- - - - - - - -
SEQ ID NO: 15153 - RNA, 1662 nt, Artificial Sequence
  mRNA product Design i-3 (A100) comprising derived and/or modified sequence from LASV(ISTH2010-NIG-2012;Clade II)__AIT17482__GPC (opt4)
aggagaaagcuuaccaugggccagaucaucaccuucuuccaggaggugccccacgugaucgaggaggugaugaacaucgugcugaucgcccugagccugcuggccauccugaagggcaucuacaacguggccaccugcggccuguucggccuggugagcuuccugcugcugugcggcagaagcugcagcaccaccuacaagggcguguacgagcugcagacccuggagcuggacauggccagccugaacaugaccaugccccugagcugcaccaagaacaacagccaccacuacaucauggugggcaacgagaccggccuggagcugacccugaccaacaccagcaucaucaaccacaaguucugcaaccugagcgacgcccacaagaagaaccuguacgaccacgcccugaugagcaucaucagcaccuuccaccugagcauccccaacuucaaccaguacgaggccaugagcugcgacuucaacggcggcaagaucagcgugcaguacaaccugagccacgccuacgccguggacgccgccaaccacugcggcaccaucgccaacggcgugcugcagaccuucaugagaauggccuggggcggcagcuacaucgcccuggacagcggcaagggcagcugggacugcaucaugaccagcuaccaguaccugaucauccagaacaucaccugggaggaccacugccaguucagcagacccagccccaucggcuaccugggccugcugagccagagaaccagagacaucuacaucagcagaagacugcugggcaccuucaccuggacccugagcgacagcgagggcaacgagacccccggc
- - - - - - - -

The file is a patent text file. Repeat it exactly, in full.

SEQ ID NO: 15153 - RNA, 1662 nt, Artificial Sequence
  mRNA product Design i-3 (A100) comprising derived and/or modified sequence from LASV(ISTH2010-NIG-2012;Clade II)__AIT17482__GPC (opt4)
aggagaaagcuuaccaugggccagaucaucaccuucuuccaggaggugccccacgugaucgaggaggugaugaacaucgugcugaucgcccugagccugcuggccauccugaagggcaucuacaacguggccaccugcggccuguucggccuggugagcuuccugcugcugugcggcagaagcugcagcaccaccuacaagggcguguacgagcugcagacccuggagcuggacauggccagccugaacaugaccaugccccugagcugcaccaagaacaacagccaccacuacaucauggugggcaacgagaccggccuggagcugacccugaccaacaccagcaucaucaaccacaaguucugcaaccugagcgacgcccacaagaagaaccuguacgaccacgcccugaugagcaucaucagcaccuuccaccugagcauccccaacuucaaccaguacgaggccaugagcugcgacuucaacggcggcaagaucagcgugcaguacaaccugagccacgccuacgccguggacgccgccaaccacugcggcaccaucgccaacggcgugcugcagaccuucaugagaauggccuggggcggcagcuacaucgcccuggacagcggcaagggcagcugggacugcaucaugaccagcuaccaguaccugaucauccagaacaucaccugggaggaccacugccaguucagcagacccagccccaucggcuaccugggccugcugagccagagaaccagagacaucuacaucagcagaagacugcugggcaccuucaccuggacccugagcgacagcgagggcaacgagacccccggc